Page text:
Sabine Krämer-Schramm comes from West Germany and lives in Berlin. She painted her work “Peanuts” on the Berlin Wall in 1996, six years after the other East Side Gallery artists. Showing a reversed Deutsche Bank logo, it criticizes the arrogance of banks towards the people who depend on the money they deal.
The painting “Peanuts” shows a reversed Deutsche Bank logo to which white “manager underpants” are attached. It refers to the Deutsche Bank’s “Peanuts affair” of 1994: Then spokesman of the management board Hilmar Kopper played down the outstanding invoices of a bankrupt construction company – on which people’s livelihoods depended – as “peanuts”. The quote was seen to epitomize banks’ arrogance towards smaller businesses.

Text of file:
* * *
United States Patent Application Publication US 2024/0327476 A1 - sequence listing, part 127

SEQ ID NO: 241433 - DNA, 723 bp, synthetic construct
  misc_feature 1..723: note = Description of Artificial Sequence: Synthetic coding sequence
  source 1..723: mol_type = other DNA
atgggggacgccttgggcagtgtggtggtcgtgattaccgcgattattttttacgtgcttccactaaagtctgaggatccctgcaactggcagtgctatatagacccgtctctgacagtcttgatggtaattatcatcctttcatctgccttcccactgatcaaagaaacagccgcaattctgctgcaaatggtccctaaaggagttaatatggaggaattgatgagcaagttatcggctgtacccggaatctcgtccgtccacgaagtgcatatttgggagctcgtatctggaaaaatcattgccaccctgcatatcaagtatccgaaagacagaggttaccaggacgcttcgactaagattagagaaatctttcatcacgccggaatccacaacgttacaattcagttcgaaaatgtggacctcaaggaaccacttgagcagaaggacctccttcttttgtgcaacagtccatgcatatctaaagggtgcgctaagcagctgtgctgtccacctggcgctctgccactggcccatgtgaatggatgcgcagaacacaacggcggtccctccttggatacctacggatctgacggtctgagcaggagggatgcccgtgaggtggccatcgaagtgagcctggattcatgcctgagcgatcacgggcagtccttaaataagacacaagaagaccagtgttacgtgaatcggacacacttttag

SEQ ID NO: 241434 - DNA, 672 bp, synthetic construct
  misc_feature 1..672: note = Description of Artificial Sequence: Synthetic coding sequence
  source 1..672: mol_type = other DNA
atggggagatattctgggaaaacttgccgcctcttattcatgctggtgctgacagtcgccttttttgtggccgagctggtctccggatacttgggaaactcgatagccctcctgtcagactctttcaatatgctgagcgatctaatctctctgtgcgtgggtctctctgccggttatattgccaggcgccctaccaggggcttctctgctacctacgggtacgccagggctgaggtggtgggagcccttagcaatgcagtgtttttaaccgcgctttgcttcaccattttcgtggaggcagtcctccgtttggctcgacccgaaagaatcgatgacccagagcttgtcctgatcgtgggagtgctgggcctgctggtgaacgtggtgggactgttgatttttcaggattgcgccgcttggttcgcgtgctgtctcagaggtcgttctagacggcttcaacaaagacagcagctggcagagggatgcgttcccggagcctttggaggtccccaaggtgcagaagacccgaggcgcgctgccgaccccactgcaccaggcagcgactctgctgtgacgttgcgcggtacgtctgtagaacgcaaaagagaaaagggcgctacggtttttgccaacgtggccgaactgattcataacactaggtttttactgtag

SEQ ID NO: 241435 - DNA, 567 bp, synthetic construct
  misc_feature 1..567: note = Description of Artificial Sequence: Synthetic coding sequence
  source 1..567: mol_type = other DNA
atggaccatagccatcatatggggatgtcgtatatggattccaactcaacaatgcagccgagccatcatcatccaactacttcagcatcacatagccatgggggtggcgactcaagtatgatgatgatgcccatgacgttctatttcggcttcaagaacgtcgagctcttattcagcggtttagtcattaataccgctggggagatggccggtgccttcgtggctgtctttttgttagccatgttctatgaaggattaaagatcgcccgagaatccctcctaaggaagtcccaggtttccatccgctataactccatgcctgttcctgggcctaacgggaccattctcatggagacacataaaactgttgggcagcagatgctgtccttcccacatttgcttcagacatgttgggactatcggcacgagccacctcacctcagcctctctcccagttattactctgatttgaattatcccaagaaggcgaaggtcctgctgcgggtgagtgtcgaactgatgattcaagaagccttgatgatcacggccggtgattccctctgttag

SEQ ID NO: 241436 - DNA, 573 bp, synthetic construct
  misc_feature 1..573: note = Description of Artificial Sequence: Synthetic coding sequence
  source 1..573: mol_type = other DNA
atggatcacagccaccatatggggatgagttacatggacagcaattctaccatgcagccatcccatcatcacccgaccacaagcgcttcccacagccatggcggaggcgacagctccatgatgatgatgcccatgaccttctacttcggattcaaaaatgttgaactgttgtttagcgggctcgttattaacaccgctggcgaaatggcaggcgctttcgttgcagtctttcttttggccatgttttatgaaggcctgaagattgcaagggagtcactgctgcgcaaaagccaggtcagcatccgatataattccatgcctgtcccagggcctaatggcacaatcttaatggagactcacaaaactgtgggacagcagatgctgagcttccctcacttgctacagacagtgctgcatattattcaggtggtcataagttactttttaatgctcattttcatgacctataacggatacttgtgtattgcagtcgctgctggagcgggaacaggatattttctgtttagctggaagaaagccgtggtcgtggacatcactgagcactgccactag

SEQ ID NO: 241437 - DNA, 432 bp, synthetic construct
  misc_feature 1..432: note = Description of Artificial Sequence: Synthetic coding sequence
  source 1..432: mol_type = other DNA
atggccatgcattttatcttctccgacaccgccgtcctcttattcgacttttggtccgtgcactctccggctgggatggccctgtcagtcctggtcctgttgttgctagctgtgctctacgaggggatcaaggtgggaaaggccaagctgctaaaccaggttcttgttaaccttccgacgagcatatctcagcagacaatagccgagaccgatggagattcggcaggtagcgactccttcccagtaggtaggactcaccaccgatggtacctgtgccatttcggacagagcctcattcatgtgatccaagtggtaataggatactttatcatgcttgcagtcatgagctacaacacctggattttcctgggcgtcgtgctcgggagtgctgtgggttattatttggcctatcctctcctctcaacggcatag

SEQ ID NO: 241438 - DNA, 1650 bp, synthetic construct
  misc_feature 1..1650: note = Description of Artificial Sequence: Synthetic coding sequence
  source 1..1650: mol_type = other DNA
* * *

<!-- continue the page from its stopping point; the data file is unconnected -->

Krämer-Schramm studied fashion design at the Lette Verein in Berlin and qualified as a master tailor. She has received several awards for her designs. She lives in Berlin where she works as an artist and photographer and runs a fashion studio. Her painting was the only one to be added later to the East Side Gallery. Krämer-Schramm painted it in on a blank part of the Wall in 1996, restored it in 2000 and repainted it in the same place in 2009.